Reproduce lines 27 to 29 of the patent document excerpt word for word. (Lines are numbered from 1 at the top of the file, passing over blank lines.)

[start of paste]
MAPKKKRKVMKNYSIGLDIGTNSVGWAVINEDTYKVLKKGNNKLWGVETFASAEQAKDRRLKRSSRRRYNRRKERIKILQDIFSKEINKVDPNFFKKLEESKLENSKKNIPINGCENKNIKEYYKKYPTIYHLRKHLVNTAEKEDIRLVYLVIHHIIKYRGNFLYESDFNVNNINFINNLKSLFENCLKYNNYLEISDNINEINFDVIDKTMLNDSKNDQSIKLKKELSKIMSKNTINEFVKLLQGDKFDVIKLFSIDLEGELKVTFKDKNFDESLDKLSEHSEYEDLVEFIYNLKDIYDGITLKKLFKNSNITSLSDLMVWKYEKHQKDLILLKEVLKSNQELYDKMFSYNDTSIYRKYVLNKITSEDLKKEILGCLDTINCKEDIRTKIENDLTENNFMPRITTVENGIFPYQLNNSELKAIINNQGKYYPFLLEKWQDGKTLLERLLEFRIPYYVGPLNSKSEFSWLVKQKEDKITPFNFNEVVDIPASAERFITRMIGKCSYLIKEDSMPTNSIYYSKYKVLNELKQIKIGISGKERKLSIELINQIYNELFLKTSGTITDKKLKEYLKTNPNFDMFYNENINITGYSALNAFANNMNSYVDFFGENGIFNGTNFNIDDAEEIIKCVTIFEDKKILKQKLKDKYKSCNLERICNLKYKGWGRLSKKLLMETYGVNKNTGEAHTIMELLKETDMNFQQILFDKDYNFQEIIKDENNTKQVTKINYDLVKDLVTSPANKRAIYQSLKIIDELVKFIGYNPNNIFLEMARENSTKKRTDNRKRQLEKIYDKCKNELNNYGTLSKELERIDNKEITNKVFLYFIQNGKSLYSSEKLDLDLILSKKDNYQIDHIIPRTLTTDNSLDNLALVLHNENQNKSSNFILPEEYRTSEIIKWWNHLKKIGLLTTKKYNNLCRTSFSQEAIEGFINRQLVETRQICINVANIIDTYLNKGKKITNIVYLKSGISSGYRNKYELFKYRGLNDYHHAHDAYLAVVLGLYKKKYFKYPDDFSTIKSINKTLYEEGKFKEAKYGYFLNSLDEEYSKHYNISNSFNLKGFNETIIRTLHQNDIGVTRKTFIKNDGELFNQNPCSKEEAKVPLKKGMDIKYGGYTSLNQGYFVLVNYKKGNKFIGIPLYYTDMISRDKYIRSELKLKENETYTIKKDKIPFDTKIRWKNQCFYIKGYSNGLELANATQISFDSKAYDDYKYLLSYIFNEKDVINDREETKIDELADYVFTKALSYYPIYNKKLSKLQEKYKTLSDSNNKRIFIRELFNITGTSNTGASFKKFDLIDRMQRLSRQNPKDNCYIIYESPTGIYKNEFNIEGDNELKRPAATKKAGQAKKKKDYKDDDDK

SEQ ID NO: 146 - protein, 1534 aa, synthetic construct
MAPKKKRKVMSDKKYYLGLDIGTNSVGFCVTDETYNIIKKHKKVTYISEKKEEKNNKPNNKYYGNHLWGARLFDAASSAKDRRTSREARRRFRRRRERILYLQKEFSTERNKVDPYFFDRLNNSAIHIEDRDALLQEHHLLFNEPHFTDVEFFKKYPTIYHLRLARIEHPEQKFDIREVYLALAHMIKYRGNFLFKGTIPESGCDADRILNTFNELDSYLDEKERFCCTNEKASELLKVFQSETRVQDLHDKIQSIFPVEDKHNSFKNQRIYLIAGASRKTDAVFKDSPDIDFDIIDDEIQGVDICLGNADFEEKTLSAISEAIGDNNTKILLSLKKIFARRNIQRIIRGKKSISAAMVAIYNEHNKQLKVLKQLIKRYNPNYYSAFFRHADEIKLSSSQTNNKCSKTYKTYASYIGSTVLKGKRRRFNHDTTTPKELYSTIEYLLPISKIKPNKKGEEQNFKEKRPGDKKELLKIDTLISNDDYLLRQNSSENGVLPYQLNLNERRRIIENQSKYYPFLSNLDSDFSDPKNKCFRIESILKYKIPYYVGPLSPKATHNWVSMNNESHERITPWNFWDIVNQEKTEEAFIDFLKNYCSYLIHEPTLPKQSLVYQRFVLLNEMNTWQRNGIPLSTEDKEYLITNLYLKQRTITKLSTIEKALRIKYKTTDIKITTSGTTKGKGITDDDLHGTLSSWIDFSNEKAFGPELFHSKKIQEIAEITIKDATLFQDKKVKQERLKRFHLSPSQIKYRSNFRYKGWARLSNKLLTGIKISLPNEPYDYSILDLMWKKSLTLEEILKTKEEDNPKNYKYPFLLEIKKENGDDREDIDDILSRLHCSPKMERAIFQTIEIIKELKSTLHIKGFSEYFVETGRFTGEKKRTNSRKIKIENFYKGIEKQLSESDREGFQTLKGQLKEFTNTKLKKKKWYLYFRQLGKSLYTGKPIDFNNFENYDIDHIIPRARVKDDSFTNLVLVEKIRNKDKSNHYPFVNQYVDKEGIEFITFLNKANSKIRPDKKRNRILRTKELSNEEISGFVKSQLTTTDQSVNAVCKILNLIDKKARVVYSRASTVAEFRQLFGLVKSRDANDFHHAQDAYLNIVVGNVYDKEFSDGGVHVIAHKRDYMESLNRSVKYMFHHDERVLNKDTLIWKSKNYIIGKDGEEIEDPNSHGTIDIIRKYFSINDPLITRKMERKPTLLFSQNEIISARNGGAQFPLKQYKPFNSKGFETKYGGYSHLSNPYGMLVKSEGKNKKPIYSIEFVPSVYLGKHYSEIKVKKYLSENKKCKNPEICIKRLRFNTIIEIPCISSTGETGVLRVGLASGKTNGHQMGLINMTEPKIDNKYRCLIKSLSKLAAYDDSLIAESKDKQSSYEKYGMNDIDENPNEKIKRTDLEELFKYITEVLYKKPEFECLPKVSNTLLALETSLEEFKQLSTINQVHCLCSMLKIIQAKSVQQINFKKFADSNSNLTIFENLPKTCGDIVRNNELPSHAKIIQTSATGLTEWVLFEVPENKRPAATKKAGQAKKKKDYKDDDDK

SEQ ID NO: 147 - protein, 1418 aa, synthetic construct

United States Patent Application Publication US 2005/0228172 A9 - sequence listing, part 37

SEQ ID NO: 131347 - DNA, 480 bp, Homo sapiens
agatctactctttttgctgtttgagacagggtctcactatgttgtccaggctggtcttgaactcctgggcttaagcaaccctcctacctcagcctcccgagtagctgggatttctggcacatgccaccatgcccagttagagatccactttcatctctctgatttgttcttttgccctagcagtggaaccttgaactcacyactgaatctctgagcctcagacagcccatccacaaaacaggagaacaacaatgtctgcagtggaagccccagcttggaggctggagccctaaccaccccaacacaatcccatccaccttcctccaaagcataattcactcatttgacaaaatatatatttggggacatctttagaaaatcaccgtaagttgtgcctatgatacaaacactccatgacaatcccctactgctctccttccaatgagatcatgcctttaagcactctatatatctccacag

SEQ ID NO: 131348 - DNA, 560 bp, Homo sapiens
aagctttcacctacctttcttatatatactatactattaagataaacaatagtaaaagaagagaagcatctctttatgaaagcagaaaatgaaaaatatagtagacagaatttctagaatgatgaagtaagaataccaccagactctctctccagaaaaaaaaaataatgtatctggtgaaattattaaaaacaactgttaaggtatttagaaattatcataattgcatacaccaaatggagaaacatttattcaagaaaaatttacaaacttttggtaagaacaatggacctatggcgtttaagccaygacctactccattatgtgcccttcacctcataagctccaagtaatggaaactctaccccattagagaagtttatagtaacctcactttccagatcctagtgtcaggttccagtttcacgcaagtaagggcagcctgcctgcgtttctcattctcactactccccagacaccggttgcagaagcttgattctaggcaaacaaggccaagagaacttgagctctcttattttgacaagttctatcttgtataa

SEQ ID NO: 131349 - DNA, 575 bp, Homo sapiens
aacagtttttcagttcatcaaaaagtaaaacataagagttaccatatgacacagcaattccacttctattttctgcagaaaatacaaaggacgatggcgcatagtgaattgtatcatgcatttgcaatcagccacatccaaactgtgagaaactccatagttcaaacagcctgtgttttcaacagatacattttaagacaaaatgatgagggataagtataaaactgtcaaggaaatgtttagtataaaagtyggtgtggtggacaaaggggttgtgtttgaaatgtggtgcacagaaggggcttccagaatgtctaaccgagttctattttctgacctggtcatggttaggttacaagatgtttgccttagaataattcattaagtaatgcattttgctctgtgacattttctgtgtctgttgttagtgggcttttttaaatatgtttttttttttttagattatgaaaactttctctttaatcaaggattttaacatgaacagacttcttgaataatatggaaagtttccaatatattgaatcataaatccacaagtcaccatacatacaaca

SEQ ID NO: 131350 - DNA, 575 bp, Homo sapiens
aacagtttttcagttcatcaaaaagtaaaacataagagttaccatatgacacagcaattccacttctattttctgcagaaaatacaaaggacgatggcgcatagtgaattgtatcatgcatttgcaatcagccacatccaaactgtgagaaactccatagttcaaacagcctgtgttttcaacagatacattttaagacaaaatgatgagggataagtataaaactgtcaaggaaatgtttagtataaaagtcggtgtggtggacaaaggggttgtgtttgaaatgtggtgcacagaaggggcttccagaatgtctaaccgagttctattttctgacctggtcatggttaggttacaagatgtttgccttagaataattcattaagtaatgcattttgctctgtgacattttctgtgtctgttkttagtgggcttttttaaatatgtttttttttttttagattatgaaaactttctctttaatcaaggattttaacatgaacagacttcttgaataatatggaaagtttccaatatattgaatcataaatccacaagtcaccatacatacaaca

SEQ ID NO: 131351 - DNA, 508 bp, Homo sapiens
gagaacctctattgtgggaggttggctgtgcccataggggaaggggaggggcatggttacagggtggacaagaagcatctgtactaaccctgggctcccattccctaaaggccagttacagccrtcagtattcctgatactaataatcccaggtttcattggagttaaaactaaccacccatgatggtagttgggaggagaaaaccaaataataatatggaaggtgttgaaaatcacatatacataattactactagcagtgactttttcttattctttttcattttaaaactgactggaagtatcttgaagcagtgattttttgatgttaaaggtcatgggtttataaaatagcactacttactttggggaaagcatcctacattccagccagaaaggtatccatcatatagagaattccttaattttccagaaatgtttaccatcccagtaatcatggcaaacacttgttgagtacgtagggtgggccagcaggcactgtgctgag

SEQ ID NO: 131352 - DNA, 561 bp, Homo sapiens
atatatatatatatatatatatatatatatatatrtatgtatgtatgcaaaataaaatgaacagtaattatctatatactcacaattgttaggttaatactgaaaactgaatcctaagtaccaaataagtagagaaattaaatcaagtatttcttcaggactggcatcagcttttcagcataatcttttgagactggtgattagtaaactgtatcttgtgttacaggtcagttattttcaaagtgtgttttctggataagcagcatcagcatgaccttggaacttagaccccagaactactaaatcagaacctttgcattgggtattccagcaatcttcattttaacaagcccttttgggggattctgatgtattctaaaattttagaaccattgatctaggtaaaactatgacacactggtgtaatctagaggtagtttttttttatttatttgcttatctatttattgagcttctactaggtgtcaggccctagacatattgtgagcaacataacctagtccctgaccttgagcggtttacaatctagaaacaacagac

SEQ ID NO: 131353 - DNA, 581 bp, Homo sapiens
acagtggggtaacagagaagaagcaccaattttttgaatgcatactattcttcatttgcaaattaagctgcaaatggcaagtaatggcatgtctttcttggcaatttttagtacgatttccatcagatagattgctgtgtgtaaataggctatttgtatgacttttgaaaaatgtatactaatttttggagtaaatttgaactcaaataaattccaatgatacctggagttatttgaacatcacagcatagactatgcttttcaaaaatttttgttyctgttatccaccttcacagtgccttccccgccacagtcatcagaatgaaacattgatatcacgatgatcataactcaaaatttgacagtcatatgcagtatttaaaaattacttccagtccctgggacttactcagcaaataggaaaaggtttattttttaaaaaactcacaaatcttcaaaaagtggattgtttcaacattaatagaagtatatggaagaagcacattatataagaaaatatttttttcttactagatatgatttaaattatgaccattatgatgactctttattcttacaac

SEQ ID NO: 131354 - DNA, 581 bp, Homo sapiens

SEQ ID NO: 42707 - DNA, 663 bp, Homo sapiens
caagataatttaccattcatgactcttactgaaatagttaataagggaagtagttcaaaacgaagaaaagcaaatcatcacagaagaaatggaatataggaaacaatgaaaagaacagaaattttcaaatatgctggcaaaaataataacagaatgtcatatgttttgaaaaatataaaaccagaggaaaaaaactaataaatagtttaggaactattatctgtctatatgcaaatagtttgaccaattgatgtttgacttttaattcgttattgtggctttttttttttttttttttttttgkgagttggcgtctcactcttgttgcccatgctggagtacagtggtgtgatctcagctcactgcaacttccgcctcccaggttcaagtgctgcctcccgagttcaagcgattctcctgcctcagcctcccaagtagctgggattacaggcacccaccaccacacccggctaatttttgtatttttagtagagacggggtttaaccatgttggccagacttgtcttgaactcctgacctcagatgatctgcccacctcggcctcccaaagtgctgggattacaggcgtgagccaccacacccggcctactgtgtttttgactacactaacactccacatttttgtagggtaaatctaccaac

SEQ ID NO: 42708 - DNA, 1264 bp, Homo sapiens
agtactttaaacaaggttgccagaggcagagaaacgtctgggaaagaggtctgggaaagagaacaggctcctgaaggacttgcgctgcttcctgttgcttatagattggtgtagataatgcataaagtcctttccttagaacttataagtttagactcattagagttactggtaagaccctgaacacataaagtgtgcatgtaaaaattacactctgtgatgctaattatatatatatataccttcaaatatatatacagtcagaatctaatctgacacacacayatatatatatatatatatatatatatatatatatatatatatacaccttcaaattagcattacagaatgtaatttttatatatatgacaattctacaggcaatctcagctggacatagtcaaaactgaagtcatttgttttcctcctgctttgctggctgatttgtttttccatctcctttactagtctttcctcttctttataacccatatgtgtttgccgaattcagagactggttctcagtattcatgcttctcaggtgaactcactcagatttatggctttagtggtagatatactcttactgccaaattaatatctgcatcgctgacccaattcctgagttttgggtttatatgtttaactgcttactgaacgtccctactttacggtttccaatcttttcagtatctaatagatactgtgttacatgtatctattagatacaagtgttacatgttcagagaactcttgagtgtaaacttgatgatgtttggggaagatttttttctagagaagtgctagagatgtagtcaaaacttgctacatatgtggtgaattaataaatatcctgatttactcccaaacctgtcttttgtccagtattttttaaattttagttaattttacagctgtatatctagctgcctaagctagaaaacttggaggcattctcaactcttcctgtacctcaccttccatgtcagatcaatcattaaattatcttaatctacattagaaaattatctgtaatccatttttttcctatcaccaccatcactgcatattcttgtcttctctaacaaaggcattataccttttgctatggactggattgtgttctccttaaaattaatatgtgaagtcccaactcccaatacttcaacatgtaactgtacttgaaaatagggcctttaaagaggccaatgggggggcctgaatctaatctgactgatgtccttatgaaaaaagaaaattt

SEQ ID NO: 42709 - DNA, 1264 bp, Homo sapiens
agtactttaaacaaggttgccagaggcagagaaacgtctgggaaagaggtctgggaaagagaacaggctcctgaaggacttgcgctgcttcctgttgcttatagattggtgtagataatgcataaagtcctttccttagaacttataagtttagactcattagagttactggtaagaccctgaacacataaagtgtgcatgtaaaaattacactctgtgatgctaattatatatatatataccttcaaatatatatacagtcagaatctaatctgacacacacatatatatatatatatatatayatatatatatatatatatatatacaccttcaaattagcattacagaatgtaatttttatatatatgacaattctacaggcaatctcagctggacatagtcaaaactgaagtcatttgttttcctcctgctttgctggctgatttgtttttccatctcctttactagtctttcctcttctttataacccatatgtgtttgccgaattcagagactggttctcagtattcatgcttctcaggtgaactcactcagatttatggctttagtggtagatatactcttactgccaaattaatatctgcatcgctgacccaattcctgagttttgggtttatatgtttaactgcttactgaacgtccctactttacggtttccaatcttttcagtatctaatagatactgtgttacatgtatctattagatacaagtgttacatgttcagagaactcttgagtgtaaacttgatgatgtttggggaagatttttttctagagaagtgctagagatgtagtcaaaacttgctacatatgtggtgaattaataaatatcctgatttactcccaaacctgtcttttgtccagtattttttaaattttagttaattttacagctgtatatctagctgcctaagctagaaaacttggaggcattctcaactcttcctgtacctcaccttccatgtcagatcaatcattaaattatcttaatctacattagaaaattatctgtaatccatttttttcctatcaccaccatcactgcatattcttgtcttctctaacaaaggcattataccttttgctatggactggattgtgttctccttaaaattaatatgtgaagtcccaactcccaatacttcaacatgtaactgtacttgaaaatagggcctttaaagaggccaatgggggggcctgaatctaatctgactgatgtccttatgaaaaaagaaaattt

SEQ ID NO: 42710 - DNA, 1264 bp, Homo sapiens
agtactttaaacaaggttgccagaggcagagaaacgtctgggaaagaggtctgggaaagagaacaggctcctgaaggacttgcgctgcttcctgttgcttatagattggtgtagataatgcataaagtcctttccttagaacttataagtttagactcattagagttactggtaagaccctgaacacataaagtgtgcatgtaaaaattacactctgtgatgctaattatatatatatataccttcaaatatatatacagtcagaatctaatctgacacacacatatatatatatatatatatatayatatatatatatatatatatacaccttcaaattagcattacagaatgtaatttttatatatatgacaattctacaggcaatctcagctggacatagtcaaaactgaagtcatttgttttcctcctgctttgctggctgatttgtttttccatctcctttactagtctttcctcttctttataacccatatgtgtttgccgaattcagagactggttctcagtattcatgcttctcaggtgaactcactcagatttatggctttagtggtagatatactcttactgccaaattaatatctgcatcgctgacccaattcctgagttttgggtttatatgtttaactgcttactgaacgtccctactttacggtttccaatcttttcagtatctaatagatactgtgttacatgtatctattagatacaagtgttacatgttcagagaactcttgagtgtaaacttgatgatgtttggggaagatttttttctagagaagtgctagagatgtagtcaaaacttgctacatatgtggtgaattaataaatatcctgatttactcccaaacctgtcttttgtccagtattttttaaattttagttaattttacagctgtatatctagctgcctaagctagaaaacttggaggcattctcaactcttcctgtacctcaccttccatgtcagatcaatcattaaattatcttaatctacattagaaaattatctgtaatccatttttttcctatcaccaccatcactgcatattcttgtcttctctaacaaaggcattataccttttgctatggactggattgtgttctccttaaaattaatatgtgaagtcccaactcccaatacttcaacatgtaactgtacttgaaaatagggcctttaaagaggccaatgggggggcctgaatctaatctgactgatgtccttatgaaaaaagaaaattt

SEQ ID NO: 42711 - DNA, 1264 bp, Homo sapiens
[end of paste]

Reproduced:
SEQ ID NO: 42710 - DNA, 1264 bp, Homo sapiens
agtactttaaacaaggttgccagaggcagagaaacgtctgggaaagaggtctgggaaagagaacaggctcctgaaggacttgcgctgcttcctgttgcttatagattggtgtagataatgcataaagtcctttccttagaacttataagtttagactcattagagttactggtaagaccctgaacacataaagtgtgcatgtaaaaattacactctgtgatgctaattatatatatatataccttcaaatatatatacagtcagaatctaatctgacacacacatatatatatatatatatatatayatatatatatatatatatatacaccttcaaattagcattacagaatgtaatttttatatatatgacaattctacaggcaatctcagctggacatagtcaaaactgaagtcatttgttttcctcctgctttgctggctgatttgtttttccatctcctttactagtctttcctcttctttataacccatatgtgtttgccgaattcagagactggttctcagtattcatgcttctcaggtgaactcactcagatttatggctttagtggtagatatactcttactgccaaattaatatctgcatcgctgacccaattcctgagttttgggtttatatgtttaactgcttactgaacgtccctactttacggtttccaatcttttcagtatctaatagatactgtgttacatgtatctattagatacaagtgttacatgttcagagaactcttgagtgtaaacttgatgatgtttggggaagatttttttctagagaagtgctagagatgtagtcaaaacttgctacatatgtggtgaattaataaatatcctgatttactcccaaacctgtcttttgtccagtattttttaaattttagttaattttacagctgtatatctagctgcctaagctagaaaacttggaggcattctcaactcttcctgtacctcaccttccatgtcagatcaatcattaaattatcttaatctacattagaaaattatctgtaatccatttttttcctatcaccaccatcactgcatattcttgtcttctctaacaaaggcattataccttttgctatggactggattgtgttctccttaaaattaatatgtgaagtcccaactcccaatacttcaacatgtaactgtacttgaaaatagggcctttaaagaggccaatgggggggcctgaatctaatctgactgatgtccttatgaaaaaagaaaattt

SEQ ID NO: 42711 - DNA, 1264 bp, Homo sapiens